Encircled by the Greater and Lesser Caucasus ranges — and with well over 2,000 peaks within its borders — Georgia is fast becoming one of Europe’s most sought-after destinations for everything from alpine hiking to backcountry skiing. But while hilltop monasteries and medieval stone towers have become the nation’s calling cards, it’s down in the fertile foothills and valleys that some of Georgia’s best-kept secrets lie.
Located on the isthmus that bridges the Caspian and Black Seas, Georgia has long been a conduit for merchants and marauders moving between Europe and Asia. Throughout its turbulent history, this nation has held onto its religion, languages and traditions with steadfast determination. This includes a heritage of wine-making that’s so deeply embedded in Georgian culture that it permeates almost every aspect of daily life. Walk the streets of any village — or even the suburbs of the capital, Tbilisi — during midsummer, and you’ll pass many a private garden dripping with vines.
Drink in a rich history
Fermenting grapes for wine is a custom that’s been practised in Georgia from as early as 6,000 BC. In 2017, archaeologists discovered evidence of winemaking in a Neolithic settlement in the country’s south east, lending credence to what many Georgians already believed to be true: that their country is the global cradle of wine.
Here, winemaking methods have weathered the centuries virtually uninterrupted and unchanged. At the heart of the operation has always been the qvevri: a rotund clay vessel with a tapered bottom that’s buried up to its neck in the earth. Grapes are plucked by hand and crushed by foot in a satsnakheli winepress, then channelled — seeds, skins, stems and all — into the qvevri to ferment. This technique yields deep amber whites, full-bodied reds, and brawny, semi-sweet wines.
With natural and low-intervention wines experiencing something of a renaissance in recent years, Georgian vintners have found their 8,000-year-old ancestral methods are back in vogue. Many are innovating by returning to their roots, while others are combining qvevri with modern European methods to diversify their offerings.
Georgia has a dozen discrete wine zones, ranging from the terraced vineyards of Samtskhe region in the south to the vine-laden limestone cliffs of north-western Lechkhumi. But it’s Kakheti, in the country’s east, that’s responsible for 80% of the country’s grape harvest. The region has emerged as a destination synonymous with wine, with a rich history woven into its vineyards.
Ruled by its own monarchy until 1801, the Kingdom of Kakheti was a vassal of various Persian and Ottoman dynasties. But while rulers came and went, the importance of the vines remained. On the heels of each invasion, precious saplings were hidden away for safekeeping and re-cultivated in peacetime. In the Soviet era when winemaking was industrialised, hardy grapes such as saperavi and rkatsiteli became pervasive, while the more obscure of the area’s estimated 500 endemic species were sidelined. But when Georgia regained its sovereignty in 1991, independent winemakers pushed underground started to re-emerge — often with endangered grape vines in hand.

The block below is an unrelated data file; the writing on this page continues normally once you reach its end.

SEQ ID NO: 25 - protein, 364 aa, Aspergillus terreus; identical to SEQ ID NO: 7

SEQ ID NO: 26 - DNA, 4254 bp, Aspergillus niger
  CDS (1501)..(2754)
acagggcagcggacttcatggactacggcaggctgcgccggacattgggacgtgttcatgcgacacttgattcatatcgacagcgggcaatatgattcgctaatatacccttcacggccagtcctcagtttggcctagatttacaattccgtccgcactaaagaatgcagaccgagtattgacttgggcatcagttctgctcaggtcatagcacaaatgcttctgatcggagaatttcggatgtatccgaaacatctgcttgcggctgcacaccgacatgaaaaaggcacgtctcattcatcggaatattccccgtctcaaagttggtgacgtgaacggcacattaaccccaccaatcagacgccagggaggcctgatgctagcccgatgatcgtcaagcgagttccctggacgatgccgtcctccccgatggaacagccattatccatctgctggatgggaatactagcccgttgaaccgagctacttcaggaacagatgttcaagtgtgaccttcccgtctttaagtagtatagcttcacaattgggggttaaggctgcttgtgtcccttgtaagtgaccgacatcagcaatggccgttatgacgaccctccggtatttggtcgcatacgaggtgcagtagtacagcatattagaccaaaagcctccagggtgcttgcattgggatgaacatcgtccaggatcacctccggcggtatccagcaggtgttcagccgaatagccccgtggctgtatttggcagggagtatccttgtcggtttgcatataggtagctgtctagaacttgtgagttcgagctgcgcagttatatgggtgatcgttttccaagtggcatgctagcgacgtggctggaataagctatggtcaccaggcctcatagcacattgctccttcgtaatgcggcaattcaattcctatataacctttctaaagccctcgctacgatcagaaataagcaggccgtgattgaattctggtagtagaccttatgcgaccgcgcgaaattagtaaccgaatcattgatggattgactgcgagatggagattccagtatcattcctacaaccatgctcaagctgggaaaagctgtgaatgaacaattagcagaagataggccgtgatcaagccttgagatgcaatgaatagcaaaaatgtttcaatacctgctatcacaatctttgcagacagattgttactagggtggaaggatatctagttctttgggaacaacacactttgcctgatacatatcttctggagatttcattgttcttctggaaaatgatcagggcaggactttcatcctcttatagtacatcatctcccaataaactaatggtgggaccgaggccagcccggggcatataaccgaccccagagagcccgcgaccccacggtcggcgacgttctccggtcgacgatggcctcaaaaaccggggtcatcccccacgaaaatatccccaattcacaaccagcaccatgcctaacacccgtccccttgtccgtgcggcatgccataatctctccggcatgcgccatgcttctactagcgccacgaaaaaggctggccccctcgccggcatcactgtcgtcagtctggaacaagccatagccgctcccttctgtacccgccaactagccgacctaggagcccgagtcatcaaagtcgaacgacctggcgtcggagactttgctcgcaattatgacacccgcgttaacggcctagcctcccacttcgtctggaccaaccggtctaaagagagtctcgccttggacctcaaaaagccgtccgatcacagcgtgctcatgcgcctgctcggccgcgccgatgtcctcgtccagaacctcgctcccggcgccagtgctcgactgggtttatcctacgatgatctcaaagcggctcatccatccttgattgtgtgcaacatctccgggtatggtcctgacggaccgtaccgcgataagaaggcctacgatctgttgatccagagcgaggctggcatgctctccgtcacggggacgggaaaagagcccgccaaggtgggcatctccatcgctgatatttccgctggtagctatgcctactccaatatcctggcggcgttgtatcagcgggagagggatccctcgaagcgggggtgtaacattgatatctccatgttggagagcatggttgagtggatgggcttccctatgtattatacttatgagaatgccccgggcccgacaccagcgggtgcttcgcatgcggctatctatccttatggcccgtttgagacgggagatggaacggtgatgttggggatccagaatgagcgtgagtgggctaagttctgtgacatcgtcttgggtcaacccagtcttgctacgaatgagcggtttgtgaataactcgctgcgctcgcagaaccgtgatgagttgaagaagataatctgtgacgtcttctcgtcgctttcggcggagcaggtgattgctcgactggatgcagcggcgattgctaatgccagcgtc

Today, Kakheti is home to hundreds of wineries, ranging from small family maranis (wine cellars) to commercial cellar doors. They’re knitted together by the Kakheti Wine Route, a signposted circuit that winds through the dozens of microzones that make up the Alazani Valley. For even the most experienced oenophile, a Georgian wine tasting brings something new. Most winemakers have discarded the white tablecloths and spittoons in favour of a more intimate experience, one often taking place around the family’s dining table.
Beyond the vines
As Georgia’s largest region, Kakheti is an area of great diversity, from the remote mountains of Tusheti in the north to the semi-deserts of Vashlovani in the south.
Any visit here will take in a number of beautiful monasteries, many of which have played a key part in the region’s wine-making heritage. Key spots include Alaverdi, a soaring monastery flanked by grape vines, where monks bottle their own blends, and the Bodbe Convent — a monastery dedicated to Saint Nino, the Cappadocia-born missionary and patron of Georgia who carries a crooked cross fashioned from vines in her hand.
Other must-visits include Gremi, the 16th-century citadel that served as the kingdom’s capital, and Nekresi, a monastery perched high amid forested hills. Visit the walled town of Sighnaghi for a panoramic view, and in Telavi, make a pilgrimage to the bazaar to buy churchkhela, a sweet snack of nuts roped together and wrapped in grape juice roux. A trip to father-and-son team Remi and Zaza Kbilashvili’s qvevri workshop reveals how the massive clay vessels are built, inch by inch, using a coil pottery technique. And at the Tsinandali Estate, you can see where the first bottles of Georgian wine were corked.
The best time to visit Kakheti is during the annual rtveli wine harvest, which takes place in September/October. This coincides with the Tsinandali Festival, a week-long musical showcase hosted by the estate.
The Kakheti wine region is approximately two hours by road from Tbilisi via the scenic Gombori Pass. Stay at the Tsinandali Estate, a Radisson Collection Hotel in the heart of the Alazani Valley, from which you can easily reach many of the area’s key sights and vineyards. In the first half of 19th century, Prince Alexander Chavchavadze modernized Georgian winemaking at this historic wine estate, his innovations including its namesake Tsinandaliwine, the first classical white of Georgia. Today, you’ll find an in-house museum detailing the area’s rich wine-making heritage, as well as five restaurants and bars that pair Tsinandali Estate wines with Kakhetian cuisine. Guests have free reign of the gardens, and access to a rooftop pool that looks out to the Greater Caucasus.
For more information, visit radissonhotels.com/collection